Apr. 1, 2007
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Poem: "Despair" by Anthony Hecht, from Collected Later Poems. © Alfred A. Knopf. Reprinted with permission.
Sadness. The moist gray shawls of drifting sea-fog,
Salting scrub pine, drenching the cranberry bogs,
Erasing all but foreground, making a ghost
Of anyone who walks softly away;
And the faint, penitent psalmody of the ocean.
Gloom. It appears among the winter mountains
On rainy days. Or the tiled walls of the subway
In caged and aging light, in the steel scream
And echoing vault of the departing train,
The vacant platform, the yellow destitute silence.
But despair is another matter. Midafternoon
Washes the worn bank of a dry arroyo,
Its ocher crevices, unrelieved rusts,
Where a startled lizard pauses, nervous, exposed
To the full glare of relentless marigold sunshine.
Literary and Historical Notes:
Today is April Fools' Day, a holiday celebrating practical jokes of all kinds. The British collection of folk wisdom known as Poor Robin's Almanac (1662) says: "The first of April, some do say, Is set apart for All Fools' Day."
One theory about the origin of April Fools' Day is that it started in France in 1582. Up until then, New Year's Day was celebrated on April 1st, but when Europe adopted the Gregorian calendar, New Year's Day was moved to January 1st. At the time, news of such things traveled slowly, and it took many years for everyone to get up to speed. People who continued to celebrate New Years on April 1st came to be known as April Fools.
John Updike said, "Looking foolish does the spirit good."
It's the birthday of playwright Edmond Rostand, (books by this author) born in Marseilles, France (1868). He's best known as the author of the play Cyrano de Bergerac (1897), about a dashing, brave and romantic man who is able to compose sonnets while engaged in a sword fight, but who also has the largest nose anyone has ever seen. Because of his huge nose, he decides he can never win over the love of his life, Roxanne.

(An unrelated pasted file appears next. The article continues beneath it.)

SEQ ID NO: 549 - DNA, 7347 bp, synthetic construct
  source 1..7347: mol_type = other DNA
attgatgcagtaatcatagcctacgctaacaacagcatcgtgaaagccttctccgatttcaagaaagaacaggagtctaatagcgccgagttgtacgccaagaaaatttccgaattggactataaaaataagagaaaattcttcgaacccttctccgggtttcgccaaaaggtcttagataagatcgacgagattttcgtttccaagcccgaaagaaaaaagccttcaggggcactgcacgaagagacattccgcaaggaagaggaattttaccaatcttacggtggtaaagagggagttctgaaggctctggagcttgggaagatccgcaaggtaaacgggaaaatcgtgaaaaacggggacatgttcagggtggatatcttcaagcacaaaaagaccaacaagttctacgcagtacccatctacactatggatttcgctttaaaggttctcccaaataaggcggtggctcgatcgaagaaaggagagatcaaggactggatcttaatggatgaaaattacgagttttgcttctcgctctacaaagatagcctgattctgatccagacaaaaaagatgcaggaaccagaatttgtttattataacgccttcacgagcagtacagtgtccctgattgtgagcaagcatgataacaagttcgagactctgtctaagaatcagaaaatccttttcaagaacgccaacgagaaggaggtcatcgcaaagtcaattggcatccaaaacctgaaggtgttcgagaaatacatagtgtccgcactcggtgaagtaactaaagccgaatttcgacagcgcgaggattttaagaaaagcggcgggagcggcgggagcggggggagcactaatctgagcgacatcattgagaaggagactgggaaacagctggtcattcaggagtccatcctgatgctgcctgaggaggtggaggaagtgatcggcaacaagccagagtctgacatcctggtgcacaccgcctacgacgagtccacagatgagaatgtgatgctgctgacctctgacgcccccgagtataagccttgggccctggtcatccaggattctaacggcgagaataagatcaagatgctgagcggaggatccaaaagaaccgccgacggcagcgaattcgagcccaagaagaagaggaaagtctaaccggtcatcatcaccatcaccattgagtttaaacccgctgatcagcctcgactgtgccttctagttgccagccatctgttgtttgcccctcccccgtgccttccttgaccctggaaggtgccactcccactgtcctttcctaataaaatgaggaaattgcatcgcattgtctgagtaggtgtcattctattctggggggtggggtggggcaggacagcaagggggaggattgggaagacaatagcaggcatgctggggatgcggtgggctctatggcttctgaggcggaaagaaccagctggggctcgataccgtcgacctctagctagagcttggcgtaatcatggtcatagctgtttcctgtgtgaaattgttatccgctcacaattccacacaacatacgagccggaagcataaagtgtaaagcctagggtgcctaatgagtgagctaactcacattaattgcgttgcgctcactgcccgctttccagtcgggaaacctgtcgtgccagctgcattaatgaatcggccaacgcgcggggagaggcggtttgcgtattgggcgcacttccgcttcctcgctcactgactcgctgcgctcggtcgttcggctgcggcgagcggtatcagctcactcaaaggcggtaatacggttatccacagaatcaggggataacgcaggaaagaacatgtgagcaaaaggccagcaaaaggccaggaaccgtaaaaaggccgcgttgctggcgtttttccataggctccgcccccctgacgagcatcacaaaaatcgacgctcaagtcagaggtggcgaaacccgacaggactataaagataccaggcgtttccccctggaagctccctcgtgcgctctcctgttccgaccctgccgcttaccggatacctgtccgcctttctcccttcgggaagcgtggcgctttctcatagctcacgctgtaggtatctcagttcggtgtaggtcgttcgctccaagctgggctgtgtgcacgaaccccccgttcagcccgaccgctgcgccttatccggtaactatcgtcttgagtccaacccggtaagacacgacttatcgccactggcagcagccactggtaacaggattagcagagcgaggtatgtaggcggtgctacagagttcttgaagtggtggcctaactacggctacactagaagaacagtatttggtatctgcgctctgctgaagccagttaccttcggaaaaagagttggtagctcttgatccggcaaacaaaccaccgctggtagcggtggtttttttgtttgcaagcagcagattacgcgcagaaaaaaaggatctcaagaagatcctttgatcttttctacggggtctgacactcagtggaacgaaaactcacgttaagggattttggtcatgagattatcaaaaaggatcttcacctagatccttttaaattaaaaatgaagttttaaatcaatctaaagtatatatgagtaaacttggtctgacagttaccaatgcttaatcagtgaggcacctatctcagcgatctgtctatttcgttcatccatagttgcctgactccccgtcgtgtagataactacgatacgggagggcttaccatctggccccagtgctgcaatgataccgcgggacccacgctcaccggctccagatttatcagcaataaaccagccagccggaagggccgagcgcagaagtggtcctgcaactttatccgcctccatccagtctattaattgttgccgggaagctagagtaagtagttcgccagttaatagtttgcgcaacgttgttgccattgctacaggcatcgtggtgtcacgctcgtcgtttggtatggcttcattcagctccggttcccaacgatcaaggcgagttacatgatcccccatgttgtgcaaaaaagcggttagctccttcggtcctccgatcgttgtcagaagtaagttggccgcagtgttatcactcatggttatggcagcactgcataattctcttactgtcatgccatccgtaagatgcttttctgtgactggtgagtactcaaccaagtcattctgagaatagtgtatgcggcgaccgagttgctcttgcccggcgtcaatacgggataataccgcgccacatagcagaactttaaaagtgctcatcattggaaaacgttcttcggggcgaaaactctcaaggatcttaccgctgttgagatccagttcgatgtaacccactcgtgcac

It's the birthday of the pianist and composer Sergey Rachmaninoff, born in Novgorod, Russia (1873). He was a tall, imposing man and his hands were so big they could span an interval of 13 keys on the piano. He went on to become a big success, as a composer and a performer, after he debuted his Prelude in C-sharp Minor in 1892. The piece was so popular that audiences requested that he play it for the rest of his life.
He escaped from Russia just before the Revolution, and spent most of the rest of his life in the United States. When Vladimir Horowitz arrived in New York City, the two pianists sealed their friendship by going down into the basement of Steinway and Sons and playing Rachmaninoff's own Third Piano Concerto (1909). Horowitz played the solo part on one piano, and Rachmaninoff the orchestra reduction on another.
Rachmaninoff was in the middle of writing his famous Second Piano Concerto (1901) when his first symphony received a lukewarm response. He stopped writing music for three years, during which he felt as though he was like a man who had suffered a stroke, losing the use of his head and hands. He was able to overcome his nervous breakdown by visiting a psychiatrist, who cured Rachmaninoff by repeating the following line to him each time they met: "You will write your Concerto. ... You will work with great facility. ... The Concerto will be of excellent quality."
It's the birthday of novelist Francine Prose, (books by this author) born in Brooklyn, New York (1947). She's the author of Judah the Pious (1973), Hungry Hearts (1983), and Bigfoot Dreams (1987). Her most recent book is Reading Like a Writer: A Guide for People Who Love Books and for Those Who Want to Write Them (2006).
Francine Prose said, "For now, books are still the best way of taking great art and its consolations along with us on the bus."
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